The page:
Sixty four percent of the population of the richest and most influential country in the world have never been abroad. Our citizens can be our best diplomats by showing the world who we really are, but we have to leave our own country first.
According to the State Department, there are 113,431,943 valid passports in circulation, which means 36% of Americans own a valid passport (and therefore 64% do not). Let’s assume that those with a valid passport have used it and those without have never been abroad — that means that a healthy majority of the population has never left the United States. Why not? How we decide to use our time and money are major factors in our failure to get abroad, as is a general lack of travel ambition.
Americans received an average of 12 days of vacation in 2012 (down from 14 in 2011), but used only 10. Moreover, 68% of American vacationers admitted to checking in with the office either “regularly” or “sometimes” during their vacations, which suggests that most Americans are still prioritizing work during their time off. Europeans receive between 25 and 30 days of vacation a year and typically use every day; few check back in with the office. From a practical standpoint, ten days just doesn’t offer a lot of flexibility for international travel — from a cultural standpoint, we Americans are clearly a little overly concerned with our jobs.
(Before you defend our vacation masochism and accuse the Europeans of being lazy, according to a mounting body of research, failing to take vacation is counter-productive; see studies from each of these: The Atlantic, Time, BusinessWeek, Harvard Business Review, Ernst & Young, New York Times)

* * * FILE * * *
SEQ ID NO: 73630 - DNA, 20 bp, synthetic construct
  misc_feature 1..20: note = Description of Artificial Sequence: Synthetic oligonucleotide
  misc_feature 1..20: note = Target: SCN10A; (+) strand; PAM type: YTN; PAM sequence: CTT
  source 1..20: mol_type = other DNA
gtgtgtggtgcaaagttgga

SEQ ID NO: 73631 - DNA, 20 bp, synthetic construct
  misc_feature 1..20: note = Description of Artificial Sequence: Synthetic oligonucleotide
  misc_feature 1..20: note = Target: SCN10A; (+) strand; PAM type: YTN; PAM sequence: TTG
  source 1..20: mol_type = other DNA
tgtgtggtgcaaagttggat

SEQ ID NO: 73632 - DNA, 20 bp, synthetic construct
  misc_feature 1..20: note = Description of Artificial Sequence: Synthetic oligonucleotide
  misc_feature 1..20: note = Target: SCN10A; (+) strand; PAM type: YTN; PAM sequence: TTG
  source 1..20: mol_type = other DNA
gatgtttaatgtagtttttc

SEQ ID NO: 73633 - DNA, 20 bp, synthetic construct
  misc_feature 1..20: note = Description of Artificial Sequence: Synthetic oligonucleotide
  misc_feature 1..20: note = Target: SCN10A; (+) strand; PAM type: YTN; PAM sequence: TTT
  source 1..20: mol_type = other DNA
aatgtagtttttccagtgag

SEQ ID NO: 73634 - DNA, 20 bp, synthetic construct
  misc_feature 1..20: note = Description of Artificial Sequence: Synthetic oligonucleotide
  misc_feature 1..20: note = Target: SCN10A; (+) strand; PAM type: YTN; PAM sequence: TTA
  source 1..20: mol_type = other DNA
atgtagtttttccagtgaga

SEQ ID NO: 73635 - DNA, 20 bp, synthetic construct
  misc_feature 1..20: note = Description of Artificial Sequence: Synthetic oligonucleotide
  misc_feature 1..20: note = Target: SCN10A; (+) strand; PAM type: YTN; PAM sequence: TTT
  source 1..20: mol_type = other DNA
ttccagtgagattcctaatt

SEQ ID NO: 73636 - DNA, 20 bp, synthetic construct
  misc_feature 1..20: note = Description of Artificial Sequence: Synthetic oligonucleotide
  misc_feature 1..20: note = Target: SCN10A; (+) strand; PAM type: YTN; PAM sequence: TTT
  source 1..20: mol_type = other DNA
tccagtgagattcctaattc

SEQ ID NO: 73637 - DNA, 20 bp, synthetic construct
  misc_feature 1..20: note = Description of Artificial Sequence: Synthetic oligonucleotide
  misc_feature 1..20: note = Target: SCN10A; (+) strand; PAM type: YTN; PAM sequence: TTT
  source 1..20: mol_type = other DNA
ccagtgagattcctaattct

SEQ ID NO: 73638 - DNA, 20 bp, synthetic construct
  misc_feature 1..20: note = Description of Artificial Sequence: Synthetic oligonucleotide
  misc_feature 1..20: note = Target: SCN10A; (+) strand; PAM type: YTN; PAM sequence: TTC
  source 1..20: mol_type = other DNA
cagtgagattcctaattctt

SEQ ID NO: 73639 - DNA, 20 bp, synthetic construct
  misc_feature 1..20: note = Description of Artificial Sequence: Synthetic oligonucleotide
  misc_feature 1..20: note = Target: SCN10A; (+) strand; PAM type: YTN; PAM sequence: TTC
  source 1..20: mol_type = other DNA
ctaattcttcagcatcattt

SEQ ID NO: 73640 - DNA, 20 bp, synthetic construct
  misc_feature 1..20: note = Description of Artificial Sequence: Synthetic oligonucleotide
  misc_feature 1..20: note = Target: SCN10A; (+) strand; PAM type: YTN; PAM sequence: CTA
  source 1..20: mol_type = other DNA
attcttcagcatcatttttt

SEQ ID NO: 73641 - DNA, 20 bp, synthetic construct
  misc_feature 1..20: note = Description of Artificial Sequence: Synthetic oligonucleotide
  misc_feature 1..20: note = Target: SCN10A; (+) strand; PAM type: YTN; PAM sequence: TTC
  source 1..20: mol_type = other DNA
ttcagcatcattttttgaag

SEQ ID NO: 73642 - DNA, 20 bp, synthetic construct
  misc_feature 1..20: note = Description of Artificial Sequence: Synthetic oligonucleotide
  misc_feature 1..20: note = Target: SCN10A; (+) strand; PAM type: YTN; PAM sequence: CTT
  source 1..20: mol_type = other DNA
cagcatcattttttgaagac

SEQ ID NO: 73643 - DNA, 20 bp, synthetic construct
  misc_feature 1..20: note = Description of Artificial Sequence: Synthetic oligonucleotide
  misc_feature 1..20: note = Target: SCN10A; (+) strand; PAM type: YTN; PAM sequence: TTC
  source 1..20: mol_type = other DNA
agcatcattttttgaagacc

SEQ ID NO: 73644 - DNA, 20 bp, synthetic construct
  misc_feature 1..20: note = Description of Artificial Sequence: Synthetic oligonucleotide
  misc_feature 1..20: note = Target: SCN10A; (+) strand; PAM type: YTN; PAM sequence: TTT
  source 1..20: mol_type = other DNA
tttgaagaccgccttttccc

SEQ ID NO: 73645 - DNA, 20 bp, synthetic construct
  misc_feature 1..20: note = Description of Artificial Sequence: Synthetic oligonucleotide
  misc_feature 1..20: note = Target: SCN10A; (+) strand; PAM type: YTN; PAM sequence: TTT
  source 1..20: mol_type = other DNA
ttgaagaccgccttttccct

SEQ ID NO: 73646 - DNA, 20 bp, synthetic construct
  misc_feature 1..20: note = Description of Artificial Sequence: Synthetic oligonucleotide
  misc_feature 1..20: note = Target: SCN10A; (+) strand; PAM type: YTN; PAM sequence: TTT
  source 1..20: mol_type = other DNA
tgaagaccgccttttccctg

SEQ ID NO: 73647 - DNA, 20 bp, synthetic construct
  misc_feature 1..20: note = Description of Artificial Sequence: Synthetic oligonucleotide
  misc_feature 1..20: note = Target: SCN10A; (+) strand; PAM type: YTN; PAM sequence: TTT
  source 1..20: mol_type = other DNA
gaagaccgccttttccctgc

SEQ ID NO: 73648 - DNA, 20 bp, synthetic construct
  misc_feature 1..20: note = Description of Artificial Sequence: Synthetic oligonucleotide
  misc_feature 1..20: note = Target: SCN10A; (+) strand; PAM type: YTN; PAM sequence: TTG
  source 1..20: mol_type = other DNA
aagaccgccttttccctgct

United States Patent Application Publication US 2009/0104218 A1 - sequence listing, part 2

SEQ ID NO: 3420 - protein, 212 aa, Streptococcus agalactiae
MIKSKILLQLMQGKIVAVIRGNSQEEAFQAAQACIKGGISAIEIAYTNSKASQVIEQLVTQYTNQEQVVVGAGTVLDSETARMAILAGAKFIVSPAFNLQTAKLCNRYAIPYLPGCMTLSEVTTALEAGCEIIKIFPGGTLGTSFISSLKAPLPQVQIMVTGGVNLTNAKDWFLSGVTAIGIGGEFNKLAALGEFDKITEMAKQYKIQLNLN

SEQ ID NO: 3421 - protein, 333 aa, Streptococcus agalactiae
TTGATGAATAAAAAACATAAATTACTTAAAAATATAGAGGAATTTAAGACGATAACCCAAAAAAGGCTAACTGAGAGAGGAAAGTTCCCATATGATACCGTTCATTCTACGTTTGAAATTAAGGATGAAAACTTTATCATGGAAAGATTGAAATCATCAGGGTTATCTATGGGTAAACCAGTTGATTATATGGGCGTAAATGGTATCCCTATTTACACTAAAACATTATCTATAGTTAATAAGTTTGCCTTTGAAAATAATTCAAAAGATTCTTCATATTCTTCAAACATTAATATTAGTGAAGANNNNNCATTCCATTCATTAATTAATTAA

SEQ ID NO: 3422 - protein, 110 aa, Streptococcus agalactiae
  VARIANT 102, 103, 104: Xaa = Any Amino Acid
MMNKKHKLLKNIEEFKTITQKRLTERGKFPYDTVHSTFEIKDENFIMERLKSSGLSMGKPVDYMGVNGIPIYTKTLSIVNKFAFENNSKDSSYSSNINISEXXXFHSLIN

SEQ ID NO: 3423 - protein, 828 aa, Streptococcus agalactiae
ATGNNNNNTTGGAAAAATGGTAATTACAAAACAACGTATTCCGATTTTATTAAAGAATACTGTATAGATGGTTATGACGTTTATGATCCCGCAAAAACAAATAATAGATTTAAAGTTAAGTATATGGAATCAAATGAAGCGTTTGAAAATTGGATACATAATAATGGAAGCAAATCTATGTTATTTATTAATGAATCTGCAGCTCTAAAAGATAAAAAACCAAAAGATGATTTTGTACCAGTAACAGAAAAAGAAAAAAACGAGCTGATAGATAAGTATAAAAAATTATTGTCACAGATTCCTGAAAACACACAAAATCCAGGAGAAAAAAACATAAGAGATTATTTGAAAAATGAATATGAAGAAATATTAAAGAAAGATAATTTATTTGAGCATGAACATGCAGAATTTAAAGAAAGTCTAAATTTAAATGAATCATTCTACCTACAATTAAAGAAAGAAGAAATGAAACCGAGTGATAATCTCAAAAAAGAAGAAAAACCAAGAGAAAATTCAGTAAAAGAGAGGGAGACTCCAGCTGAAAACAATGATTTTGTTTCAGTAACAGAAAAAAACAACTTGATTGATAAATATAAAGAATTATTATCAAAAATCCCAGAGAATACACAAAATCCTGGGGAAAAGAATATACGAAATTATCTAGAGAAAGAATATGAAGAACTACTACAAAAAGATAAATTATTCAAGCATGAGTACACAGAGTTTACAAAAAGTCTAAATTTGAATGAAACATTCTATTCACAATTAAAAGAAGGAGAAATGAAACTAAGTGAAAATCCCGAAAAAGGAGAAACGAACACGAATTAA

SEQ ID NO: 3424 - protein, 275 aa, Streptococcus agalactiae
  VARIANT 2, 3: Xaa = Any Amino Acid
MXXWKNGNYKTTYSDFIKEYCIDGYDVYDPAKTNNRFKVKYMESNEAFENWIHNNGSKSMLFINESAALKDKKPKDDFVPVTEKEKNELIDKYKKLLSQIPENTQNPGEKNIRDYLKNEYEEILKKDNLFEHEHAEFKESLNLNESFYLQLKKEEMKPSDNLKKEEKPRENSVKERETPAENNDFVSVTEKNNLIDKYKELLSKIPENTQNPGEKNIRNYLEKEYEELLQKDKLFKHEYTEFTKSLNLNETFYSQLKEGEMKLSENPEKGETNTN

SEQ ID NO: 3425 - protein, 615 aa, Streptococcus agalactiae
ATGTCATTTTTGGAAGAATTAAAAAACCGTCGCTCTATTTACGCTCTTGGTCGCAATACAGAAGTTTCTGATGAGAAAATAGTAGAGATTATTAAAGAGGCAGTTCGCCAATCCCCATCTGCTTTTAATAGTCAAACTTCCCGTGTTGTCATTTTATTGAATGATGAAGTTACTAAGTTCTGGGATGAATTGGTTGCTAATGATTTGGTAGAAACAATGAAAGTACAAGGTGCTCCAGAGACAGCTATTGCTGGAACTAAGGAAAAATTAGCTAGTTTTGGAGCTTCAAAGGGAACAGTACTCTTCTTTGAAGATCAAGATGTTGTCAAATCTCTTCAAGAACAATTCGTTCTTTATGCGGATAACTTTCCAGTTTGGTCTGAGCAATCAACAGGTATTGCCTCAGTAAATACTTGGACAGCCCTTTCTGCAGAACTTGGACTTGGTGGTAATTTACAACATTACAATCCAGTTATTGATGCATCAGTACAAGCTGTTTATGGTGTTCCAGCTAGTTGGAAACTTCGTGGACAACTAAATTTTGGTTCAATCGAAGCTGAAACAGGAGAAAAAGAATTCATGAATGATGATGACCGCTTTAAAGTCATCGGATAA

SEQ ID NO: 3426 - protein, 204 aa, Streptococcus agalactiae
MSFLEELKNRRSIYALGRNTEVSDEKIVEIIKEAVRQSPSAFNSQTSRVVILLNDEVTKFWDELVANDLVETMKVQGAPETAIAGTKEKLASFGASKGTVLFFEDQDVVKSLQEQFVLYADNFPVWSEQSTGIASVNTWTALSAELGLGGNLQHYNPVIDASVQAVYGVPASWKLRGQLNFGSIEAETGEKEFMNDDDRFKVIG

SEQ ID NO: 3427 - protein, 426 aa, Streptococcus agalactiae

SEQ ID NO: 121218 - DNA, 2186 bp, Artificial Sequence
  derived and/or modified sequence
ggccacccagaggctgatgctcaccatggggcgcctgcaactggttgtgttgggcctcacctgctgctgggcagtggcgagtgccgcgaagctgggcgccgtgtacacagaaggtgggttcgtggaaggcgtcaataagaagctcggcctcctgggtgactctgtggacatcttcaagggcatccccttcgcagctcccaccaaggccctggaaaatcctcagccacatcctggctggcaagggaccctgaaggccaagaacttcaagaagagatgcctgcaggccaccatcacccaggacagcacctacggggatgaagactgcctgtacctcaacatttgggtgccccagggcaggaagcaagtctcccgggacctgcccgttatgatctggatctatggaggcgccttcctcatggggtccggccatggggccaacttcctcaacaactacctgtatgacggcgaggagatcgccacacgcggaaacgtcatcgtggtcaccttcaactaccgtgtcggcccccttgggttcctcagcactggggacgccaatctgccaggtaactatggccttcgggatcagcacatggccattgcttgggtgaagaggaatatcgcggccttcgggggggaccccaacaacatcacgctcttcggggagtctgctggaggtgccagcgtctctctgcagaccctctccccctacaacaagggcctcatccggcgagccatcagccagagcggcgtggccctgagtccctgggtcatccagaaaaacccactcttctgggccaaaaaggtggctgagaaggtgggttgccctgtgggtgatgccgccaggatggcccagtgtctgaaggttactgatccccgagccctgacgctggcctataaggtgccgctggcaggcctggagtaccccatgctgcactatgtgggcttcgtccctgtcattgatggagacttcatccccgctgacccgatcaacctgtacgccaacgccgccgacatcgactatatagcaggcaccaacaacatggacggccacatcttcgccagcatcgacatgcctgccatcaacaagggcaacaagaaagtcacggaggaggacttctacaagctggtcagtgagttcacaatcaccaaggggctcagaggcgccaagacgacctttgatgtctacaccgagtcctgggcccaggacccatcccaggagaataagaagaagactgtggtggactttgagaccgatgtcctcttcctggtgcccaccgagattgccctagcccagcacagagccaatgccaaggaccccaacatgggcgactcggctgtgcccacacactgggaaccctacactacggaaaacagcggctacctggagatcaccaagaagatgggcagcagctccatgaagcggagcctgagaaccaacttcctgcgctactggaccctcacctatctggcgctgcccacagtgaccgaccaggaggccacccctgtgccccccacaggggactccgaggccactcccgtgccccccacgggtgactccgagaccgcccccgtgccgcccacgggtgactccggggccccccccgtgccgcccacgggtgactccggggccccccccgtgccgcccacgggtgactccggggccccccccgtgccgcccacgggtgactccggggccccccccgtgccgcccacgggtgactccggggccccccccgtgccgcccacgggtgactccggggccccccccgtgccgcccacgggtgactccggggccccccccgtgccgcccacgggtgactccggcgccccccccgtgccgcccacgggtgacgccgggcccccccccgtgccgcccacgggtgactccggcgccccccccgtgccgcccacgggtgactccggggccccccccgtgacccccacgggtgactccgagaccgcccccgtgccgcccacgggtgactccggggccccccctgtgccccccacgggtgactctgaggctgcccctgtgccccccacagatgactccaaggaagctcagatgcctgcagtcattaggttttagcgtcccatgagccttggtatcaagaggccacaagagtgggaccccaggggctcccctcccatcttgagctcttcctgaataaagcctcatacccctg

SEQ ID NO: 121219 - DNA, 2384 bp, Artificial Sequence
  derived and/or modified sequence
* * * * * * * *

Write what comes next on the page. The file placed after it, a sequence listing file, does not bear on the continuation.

Of course, there’s also the cost. According to the Department of Commerce, American international travelers spend an average of $1,351 per trip on airfare and $1,232 per trip outside of airfare, which means 52% of an international trip’s total expenditures are spent on simply getting there and back. A $2,583 trip would certainly seem a deterrent for the average American, who spends about the same amount on entertainment annually.
However, travel doesn’t have to be prohibitively expensive – with the internet, it is easy to find cheap accommodations and dining, which will be the bulk of your international expenses. Cutting on airfare is not quite as easy, but it is possible (here are some solid suggestions).
I’ve read a lot of opinion pieces that claim that Americans’ fear and ignorance of other countries deters them from traveling abroad. However, I haven’t seen one study supporting (or refuting) this claim, so I’m not going to include fear as a factor
However, I will accuse Americans of a lack of ambition. According to a 2012 LivingSocial study, three of Americans’ top ten dream destinations are right here in the United States, including Las Vegas and Disney World. Really? Of all the amazing places to go in the world, with seven continents and over 200 countries, we pick Disney World as a dream destination? Let’s dream a little bigger than that.
Mark Twain once said that, “Travel is fatal to prejudice, bigotry, and narrow-mindedness.” The planet has never been more interconnected and it scares me a little that 64% of the citizens of the world’s most influential country have never seen any other part of the world. On a less lofty note, international travel is so much fun and it’s tragic that so few in such a rich country have experienced it.
I have three recommendations for Americans who have the means, but have not been abroad:
1. Get over yourself – use all 12 days of vacation this year, without doing any work while you’re abroad.
2. Budget smart – travel can be affordable with just a little planning and creativity.
3. Dream bigger – Disney World is not an option. Try some of these instead.
If you don’t have a passport, apply for one right now and start researching your first international trip. It will be the best decision you’ll ever make.